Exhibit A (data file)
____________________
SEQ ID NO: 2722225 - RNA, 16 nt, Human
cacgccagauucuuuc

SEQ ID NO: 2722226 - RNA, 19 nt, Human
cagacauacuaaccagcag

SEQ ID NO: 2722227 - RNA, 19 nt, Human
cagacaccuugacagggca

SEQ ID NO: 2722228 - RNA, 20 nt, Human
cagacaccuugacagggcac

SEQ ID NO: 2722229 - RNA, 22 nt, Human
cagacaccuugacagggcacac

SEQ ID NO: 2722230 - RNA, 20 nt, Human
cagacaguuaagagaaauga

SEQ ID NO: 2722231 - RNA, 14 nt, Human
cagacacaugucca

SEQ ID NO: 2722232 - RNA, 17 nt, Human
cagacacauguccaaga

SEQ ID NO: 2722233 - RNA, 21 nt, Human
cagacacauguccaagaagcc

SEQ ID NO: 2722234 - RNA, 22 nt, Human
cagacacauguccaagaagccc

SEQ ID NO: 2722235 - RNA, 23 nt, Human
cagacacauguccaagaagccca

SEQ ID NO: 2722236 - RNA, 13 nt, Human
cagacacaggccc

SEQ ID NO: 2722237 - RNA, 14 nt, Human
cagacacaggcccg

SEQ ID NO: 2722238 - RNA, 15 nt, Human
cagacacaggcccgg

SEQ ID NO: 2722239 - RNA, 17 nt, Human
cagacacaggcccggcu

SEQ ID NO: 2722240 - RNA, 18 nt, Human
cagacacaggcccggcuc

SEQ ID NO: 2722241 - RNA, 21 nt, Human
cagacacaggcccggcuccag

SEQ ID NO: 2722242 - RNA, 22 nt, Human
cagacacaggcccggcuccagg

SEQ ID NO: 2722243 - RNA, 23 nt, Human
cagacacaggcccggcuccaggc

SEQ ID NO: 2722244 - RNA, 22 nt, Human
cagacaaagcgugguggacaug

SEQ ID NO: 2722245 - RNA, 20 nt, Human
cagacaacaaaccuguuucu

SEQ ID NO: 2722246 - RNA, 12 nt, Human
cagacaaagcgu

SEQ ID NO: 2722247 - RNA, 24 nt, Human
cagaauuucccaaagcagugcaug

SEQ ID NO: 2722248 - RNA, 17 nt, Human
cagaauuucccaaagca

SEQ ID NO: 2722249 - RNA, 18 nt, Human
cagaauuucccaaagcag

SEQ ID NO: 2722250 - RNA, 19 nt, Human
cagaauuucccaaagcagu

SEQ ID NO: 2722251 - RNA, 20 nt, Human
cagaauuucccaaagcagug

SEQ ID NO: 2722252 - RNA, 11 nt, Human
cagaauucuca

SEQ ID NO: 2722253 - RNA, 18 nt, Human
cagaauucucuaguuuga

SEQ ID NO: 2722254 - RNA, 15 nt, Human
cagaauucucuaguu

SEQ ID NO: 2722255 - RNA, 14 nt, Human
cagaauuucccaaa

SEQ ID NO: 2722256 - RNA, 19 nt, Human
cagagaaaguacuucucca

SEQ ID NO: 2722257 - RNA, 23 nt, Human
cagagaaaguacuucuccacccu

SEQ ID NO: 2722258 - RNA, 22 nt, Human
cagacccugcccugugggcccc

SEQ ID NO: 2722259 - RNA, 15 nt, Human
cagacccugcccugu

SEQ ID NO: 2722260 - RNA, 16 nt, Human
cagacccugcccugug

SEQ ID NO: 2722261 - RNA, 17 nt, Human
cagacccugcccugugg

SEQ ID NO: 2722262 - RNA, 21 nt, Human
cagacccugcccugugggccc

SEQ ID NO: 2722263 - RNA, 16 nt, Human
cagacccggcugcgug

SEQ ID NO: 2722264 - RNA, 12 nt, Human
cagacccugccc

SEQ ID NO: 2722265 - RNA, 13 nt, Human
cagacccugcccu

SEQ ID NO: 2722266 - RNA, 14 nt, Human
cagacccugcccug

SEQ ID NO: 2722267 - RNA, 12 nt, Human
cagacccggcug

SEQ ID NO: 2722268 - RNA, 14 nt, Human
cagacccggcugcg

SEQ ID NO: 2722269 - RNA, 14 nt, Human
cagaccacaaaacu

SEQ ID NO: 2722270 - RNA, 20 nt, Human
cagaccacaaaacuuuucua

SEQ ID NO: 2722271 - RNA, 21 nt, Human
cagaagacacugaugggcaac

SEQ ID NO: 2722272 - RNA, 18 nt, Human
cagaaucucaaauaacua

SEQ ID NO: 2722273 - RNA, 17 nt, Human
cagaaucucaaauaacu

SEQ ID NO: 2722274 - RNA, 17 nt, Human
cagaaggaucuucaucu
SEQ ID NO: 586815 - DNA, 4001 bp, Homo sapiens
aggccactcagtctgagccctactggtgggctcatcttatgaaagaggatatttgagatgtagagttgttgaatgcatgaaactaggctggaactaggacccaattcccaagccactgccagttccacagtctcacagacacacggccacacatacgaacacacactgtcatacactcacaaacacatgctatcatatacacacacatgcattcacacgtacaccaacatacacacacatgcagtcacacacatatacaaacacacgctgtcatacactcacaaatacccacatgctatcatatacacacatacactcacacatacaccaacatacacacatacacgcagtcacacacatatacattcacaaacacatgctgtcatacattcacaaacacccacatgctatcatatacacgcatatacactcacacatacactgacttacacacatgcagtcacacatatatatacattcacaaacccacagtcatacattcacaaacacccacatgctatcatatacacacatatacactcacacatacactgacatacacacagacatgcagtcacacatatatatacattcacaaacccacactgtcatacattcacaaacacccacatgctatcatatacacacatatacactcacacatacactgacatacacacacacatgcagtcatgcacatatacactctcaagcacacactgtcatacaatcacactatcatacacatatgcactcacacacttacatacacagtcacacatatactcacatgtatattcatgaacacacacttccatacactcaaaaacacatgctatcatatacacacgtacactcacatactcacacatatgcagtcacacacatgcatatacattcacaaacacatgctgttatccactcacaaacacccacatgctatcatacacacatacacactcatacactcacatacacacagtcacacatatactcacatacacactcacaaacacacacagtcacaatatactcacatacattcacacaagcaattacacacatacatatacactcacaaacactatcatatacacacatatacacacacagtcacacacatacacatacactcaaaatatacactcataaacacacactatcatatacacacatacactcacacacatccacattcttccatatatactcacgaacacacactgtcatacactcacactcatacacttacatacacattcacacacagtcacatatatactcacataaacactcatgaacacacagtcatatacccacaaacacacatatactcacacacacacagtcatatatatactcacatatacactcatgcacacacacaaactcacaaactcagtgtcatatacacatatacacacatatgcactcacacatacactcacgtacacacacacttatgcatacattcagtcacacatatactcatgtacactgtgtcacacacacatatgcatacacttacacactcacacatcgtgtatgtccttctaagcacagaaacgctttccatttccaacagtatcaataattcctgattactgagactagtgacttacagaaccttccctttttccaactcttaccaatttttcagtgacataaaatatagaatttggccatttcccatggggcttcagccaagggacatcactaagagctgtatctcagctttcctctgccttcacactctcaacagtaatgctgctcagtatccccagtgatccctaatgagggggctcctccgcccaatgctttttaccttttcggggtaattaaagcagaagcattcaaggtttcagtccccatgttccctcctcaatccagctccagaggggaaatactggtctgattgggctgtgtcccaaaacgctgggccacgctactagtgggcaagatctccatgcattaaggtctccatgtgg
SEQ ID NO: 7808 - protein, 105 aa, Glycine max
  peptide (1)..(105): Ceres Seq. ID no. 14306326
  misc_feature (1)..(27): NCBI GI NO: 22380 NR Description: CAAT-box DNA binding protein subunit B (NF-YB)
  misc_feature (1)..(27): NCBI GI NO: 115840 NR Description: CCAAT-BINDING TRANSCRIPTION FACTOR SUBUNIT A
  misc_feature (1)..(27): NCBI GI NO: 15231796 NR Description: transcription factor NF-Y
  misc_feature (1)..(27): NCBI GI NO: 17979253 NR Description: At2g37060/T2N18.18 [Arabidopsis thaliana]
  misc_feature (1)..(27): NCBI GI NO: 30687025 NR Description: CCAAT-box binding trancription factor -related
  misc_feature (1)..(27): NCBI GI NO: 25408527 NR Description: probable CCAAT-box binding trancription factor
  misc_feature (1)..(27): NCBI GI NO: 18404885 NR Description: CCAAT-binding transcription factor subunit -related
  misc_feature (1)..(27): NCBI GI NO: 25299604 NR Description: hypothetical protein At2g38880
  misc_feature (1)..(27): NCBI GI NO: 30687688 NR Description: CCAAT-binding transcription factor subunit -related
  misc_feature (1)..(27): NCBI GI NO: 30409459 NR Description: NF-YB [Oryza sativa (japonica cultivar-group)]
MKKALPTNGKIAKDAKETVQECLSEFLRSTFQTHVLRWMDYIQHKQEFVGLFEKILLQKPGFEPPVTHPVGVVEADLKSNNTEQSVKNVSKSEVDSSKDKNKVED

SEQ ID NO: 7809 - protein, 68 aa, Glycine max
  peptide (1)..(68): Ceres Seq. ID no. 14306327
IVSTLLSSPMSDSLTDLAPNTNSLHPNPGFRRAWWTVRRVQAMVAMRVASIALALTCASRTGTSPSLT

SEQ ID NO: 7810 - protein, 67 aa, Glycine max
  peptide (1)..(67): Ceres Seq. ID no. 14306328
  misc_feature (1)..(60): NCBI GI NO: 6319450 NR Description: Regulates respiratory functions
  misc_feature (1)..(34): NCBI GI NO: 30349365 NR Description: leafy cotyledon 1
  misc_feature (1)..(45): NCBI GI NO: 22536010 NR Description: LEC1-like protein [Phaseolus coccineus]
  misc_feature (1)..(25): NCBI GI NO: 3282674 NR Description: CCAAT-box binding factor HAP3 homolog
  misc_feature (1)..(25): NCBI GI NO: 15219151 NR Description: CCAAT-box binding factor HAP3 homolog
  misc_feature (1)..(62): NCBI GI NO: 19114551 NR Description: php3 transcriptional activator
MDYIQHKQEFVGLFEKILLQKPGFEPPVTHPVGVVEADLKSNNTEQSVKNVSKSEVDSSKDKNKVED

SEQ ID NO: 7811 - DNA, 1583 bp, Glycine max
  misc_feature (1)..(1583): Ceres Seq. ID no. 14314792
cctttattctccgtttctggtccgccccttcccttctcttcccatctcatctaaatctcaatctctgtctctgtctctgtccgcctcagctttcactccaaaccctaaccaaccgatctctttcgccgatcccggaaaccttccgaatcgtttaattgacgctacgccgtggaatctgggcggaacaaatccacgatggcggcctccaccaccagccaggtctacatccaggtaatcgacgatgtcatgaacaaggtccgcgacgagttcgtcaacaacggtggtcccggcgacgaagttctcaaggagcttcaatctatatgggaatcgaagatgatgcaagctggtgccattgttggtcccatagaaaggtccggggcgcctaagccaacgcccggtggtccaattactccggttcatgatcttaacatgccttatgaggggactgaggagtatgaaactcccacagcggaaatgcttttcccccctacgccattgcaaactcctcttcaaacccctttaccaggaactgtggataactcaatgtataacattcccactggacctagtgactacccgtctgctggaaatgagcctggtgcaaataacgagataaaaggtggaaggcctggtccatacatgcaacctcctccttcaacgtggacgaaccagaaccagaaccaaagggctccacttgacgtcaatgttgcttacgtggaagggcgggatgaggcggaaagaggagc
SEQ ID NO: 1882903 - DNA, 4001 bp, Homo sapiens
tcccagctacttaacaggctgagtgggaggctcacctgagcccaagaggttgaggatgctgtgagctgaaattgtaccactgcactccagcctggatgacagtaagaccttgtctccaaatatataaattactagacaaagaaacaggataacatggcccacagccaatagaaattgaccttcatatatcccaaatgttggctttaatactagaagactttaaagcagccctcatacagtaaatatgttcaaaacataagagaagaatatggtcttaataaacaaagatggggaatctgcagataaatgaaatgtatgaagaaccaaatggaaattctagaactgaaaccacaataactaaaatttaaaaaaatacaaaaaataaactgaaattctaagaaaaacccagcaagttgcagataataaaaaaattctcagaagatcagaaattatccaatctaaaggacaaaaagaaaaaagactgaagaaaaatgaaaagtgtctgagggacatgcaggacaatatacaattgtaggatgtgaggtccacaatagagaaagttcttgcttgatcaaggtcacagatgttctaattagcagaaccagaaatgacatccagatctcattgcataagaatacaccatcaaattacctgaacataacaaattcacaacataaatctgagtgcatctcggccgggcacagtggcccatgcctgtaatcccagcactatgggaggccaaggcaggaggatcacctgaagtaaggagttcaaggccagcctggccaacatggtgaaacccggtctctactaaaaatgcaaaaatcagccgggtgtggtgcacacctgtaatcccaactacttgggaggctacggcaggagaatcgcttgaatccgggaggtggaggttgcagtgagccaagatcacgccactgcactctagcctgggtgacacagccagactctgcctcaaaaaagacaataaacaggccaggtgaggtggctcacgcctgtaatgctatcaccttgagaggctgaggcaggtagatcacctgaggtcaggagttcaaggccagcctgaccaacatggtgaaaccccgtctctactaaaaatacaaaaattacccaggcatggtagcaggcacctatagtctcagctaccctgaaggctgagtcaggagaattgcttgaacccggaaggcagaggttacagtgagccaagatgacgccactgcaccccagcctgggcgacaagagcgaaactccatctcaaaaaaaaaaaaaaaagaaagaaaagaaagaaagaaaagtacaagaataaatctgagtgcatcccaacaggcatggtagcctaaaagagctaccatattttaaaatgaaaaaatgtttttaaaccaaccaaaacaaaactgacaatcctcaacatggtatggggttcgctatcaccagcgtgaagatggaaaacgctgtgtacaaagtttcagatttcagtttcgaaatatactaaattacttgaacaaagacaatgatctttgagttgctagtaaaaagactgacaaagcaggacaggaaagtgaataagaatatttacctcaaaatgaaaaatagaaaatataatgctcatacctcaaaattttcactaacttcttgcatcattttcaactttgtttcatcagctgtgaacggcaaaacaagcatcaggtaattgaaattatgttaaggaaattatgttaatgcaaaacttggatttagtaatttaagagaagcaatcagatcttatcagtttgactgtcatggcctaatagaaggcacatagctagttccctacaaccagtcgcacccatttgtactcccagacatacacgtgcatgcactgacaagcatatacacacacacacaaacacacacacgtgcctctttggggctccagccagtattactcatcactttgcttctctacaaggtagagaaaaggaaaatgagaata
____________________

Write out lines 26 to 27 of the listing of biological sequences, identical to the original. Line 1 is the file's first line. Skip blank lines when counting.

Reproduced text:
cagacacaggcccg

SEQ ID NO: 2722238 - RNA, 15 nt, Human